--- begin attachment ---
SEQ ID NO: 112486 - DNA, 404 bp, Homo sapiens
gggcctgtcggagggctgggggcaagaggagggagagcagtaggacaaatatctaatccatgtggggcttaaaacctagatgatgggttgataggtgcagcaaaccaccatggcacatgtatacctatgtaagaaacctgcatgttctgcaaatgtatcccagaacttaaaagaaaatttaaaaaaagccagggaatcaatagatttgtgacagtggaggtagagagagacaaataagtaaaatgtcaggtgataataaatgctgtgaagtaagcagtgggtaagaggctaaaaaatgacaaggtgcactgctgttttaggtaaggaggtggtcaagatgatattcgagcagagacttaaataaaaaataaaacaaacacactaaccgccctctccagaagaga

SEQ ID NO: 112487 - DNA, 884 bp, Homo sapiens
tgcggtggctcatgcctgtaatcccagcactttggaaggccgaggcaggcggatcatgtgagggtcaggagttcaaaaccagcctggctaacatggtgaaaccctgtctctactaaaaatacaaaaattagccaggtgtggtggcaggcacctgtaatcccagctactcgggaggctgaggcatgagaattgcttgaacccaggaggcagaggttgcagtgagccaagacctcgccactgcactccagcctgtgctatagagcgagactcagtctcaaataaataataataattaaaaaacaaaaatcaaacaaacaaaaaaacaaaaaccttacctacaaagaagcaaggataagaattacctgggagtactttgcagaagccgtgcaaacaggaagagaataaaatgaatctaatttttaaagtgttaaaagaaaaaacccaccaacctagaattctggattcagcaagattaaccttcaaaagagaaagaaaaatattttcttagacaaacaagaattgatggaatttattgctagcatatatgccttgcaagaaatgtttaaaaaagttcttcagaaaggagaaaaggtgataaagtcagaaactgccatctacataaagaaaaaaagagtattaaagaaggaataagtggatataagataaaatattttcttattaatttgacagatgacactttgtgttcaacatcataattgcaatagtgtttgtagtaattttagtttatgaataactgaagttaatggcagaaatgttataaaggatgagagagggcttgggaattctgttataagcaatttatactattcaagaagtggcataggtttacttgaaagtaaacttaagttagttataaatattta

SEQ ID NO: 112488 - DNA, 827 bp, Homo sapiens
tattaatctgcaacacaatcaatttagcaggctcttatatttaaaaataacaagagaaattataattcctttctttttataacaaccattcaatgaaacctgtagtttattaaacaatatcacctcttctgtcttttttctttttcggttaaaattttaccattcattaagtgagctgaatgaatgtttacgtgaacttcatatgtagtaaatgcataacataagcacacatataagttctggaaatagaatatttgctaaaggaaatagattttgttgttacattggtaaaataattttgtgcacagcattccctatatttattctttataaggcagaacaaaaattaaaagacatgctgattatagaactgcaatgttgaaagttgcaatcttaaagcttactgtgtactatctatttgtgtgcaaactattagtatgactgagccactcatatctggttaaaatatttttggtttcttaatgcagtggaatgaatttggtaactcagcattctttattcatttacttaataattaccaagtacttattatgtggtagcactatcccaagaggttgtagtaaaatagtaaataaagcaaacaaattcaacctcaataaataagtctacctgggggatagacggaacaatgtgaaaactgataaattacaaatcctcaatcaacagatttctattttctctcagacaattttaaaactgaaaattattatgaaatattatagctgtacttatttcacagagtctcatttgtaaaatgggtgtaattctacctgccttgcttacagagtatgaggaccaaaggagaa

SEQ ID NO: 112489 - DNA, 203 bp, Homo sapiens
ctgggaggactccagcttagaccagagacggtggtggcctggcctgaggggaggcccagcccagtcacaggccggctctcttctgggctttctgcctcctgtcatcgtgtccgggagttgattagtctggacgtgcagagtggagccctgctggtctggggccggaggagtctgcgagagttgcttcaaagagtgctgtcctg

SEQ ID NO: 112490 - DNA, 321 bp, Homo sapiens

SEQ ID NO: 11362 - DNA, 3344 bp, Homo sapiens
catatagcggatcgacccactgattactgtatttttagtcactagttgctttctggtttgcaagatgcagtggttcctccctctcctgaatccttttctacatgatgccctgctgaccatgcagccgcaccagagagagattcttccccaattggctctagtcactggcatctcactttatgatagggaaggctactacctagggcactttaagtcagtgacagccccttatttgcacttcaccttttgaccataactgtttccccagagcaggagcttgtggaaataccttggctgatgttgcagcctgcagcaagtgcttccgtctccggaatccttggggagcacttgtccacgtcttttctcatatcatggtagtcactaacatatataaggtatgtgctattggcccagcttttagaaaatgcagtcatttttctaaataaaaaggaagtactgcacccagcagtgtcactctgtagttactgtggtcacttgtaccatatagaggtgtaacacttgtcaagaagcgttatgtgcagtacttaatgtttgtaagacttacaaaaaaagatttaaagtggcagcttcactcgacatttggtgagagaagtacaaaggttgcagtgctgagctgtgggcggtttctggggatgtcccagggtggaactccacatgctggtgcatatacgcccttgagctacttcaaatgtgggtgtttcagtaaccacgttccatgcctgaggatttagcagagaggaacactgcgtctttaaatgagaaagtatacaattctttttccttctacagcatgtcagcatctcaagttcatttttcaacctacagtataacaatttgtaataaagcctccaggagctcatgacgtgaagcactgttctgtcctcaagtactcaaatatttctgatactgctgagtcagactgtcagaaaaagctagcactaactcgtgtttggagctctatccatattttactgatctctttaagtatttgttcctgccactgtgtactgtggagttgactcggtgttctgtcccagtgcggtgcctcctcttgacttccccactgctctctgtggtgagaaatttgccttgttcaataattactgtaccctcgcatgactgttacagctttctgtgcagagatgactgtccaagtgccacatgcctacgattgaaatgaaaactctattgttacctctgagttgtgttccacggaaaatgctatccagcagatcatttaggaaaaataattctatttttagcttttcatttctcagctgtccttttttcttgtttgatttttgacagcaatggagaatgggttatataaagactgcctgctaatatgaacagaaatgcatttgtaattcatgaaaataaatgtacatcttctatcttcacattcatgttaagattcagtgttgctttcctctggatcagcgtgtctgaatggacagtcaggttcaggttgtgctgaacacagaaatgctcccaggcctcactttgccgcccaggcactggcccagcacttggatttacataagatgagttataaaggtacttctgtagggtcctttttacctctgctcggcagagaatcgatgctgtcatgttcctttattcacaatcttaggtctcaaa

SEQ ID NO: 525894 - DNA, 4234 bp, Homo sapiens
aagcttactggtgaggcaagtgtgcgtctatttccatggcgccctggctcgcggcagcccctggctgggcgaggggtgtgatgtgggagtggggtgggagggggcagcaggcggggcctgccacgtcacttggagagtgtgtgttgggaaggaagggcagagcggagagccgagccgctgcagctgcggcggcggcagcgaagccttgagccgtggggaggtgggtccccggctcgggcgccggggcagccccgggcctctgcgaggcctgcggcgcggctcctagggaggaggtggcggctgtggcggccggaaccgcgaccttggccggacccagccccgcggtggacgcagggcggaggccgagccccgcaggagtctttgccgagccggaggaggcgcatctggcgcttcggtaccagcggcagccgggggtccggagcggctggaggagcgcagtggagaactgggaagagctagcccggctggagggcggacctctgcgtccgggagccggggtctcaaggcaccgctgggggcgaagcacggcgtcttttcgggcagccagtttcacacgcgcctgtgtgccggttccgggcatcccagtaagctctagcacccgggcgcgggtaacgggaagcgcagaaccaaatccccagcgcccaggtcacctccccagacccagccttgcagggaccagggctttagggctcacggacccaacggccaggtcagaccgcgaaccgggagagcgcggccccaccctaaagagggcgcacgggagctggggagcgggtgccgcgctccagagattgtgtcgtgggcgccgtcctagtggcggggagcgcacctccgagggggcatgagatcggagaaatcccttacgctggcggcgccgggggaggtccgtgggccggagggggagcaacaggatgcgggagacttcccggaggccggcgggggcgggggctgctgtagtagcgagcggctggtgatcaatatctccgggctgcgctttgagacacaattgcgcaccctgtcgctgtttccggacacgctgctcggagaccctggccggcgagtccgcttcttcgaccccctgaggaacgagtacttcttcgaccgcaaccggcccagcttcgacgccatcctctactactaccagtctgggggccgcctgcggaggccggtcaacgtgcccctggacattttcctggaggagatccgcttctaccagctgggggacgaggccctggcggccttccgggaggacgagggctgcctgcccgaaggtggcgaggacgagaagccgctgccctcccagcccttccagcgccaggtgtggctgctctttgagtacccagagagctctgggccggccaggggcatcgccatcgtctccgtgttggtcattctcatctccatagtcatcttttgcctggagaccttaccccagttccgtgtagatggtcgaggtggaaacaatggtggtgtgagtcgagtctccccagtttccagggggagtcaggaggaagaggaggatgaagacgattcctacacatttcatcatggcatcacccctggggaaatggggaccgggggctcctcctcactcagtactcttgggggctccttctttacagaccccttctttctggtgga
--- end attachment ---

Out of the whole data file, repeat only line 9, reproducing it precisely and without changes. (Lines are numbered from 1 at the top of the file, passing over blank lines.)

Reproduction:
SEQ ID NO: 112490 - DNA, 321 bp, Homo sapiens